Oats: hay production

Page last updated: Thursday, 5 October 2017 - 1:39pm

Please note: This content may be out of date and is currently under review.

There are specific requirements for hay for the export market that are different to usual on-farm requirements. These include earlier cutting times, green hay colour, low moisture content, freedom from weeds and thin-strawed varieties. Some oat varieties do not meet the exporters standard and therefore will not be accepted for delivery. Growers should check exporters' specific requirements if they are interested in this market.

When to cut hay

Export markets demand bright green, dry hay. Selecting appropriate cutting time is critical in achieving this standard whilst maintaining hay yield and quality.

When planning for hay cutting it is important to consider rain events. Rain over 12mm on cut hay may drastically downgrade it compared to hay left standing for an extra two weeks.

Research has shown that the optimum time for cutting oaten hay is at the watery ripe stage (Z71), the earliest stage of milk development. Cutting at this stage will deliver the best compromise between yield and quality. Many processors recommend cutting at this stage as quality declines significantly after the water ripe stage. Some processors however may prefer hay cut at a different development stage, so check with your exporter before cutting.

When monitoring hay crops to determine when to cut:

  • Walk into the crop and check a number of areas of the paddock.
  • Take the top floret and squeeze between the tops of your fingers.
  • A watery green substance will come out when it is at the watery ripe stage (Z71).
  • Check the crop every two days and then daily as development gets closer.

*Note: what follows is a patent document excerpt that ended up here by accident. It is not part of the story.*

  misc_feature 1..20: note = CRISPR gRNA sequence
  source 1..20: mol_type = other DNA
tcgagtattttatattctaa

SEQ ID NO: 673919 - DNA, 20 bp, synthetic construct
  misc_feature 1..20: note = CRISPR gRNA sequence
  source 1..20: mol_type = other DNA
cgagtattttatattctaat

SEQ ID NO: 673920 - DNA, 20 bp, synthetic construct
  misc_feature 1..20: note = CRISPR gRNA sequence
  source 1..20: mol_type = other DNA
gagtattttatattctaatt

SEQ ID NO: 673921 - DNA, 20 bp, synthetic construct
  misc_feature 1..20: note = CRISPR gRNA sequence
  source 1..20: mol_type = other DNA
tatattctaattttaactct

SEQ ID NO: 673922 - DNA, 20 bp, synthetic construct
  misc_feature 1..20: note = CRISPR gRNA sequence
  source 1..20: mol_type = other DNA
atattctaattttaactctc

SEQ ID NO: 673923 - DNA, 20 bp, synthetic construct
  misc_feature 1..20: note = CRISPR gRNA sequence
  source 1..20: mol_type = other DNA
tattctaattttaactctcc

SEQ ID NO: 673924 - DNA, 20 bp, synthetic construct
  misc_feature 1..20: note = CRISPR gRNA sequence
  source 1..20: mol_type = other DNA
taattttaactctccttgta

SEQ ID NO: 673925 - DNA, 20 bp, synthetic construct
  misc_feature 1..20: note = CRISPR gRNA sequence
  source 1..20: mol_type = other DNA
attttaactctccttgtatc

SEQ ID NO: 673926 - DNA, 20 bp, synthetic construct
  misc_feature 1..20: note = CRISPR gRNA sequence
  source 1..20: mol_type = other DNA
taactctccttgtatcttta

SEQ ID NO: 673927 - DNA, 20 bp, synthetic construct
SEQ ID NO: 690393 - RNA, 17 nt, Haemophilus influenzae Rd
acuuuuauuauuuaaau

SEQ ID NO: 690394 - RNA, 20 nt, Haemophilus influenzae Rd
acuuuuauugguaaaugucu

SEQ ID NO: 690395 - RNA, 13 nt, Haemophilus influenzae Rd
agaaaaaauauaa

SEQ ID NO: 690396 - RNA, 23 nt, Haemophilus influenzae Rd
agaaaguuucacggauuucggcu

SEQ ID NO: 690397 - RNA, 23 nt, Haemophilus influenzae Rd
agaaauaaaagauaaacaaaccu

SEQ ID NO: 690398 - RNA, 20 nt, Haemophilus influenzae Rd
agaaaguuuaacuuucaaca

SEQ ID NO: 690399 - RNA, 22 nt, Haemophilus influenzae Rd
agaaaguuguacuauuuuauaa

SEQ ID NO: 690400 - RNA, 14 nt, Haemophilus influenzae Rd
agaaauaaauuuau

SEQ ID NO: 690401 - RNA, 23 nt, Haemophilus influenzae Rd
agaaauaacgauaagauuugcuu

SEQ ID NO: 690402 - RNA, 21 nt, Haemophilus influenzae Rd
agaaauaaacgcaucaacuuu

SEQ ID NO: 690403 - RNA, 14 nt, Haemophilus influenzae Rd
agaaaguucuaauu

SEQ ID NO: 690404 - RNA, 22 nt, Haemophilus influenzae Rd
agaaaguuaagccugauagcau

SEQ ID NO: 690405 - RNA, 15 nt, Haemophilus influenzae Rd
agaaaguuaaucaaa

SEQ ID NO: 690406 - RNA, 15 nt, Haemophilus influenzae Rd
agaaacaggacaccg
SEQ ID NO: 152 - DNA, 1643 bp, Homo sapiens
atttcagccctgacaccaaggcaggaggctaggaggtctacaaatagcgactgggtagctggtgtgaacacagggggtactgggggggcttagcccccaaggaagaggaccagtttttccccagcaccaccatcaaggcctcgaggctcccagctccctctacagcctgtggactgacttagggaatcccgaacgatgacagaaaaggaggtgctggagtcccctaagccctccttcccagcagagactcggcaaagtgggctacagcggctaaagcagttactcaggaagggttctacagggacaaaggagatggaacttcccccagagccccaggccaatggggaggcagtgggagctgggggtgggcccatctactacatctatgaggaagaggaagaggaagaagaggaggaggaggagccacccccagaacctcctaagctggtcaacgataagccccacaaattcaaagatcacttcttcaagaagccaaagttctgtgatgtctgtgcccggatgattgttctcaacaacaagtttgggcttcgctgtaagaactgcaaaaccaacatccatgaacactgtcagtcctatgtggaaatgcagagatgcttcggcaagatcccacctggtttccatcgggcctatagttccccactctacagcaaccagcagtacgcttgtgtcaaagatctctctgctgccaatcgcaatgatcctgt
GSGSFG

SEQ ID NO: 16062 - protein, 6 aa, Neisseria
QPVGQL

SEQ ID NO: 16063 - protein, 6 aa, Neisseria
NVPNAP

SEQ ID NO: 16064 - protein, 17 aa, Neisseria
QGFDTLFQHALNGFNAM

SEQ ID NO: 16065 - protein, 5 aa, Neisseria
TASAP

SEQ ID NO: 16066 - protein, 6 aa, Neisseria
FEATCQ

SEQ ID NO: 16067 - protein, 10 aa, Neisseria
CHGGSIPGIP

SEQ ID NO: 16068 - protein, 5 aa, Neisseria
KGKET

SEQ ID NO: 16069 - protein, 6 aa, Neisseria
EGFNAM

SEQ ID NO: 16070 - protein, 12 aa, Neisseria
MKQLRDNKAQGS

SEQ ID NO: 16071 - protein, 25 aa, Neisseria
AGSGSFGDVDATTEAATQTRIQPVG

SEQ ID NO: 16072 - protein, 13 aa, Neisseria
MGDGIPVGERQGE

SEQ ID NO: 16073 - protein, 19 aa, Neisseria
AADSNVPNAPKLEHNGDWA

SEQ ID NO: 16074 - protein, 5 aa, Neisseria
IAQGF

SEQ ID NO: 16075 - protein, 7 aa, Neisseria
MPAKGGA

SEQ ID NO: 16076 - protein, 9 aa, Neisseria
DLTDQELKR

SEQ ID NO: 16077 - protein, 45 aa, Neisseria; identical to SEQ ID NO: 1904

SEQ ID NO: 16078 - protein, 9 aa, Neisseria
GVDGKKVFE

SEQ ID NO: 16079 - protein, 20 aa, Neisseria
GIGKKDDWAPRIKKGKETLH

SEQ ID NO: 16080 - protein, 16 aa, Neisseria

• Organise contractors to cut hay as soon as possible after water ripe, keeping in mind rainfall events.

Some hay varieties (such as Winteroo) maintain a green plant colour throughout the milky dough stage. This has seen growers cut too late late and deliver poor quality hay. These varieties needs to monitored to ensure they are cut at the right time to optimise quality.

Storing hay

It is important to have hay in storage as soon as possible after baling to prevent any further damage from weather.

Many hay exporters will require growers to store hay for long periods of time (which may attract a premium on top of the graded price) as they can only handle so much hay at a time.

It is therefore important to have adequate storage to prevent weather damage (sun, rain and wind). Sheds should have at least three walls (with the opening facing away from prevailing weather) and if floors are not concrete, black plastic should be used to prevent moisture from the bare ground rising into the bales. Moisture affected bales will be rejected for export. Shed layouts should also provide adequate air flow throughout the stack to provide for the dissipation of any heated hay which can eventually lead to spontaneous combustion.

Preventing shed fires

(Source: Australian Fodder Industry Association).

Spontaneous combustion is a common cause of hay fires. In the rush of hay making, with impending rain, farmers and contractors are under great pressure to complete hay baling and have hay 'safely' in the shed. In this haste, problems can occur and high moisture hay can lead to spontaneous combustion and loss of valuable hay and sheds.

  • Time line - Spontaneous fires in stacked hay do not usually occur in less than 10-14 days after stacking and generally require 5-10 weeks. Under ideal conditions of moisture and high ambient temperatures ignition has been observed in 6-7 days.
  • Monitoring (a simple test) - The temperature of a stack may be checked by the use of a 'temperature probe', a crow bar or other piece of steel. The bars should be left in place and checked regularly. A pipe or tubing should not be used as this may entrain air into the stack and cause ignition to occur. The feel of the bar and corresponding temperatures are:
    • Comfortable = 27-38°C
    • Tolerable = 38-55°C
    • Tolerable for a short time = 55-60°C
    • Tolerable to touch only = 60-66°C
    • Too hot to touch and above the danger point = 71°C+

Any stack that is known to be heating should be checked even more regularly to determine if temperatures are rising or falling. If the stacks continues to rise the only solution is to pull it apart. Water and fire fighting equipment should always be on hand to extinguish a possible fire. Bales that have reached a high enough temperature may ignite as they are introduced to a more available oxygen supply.


Information on silage, including production, quality, harvest and storage can be found on the Australian Fodder Industry Association website.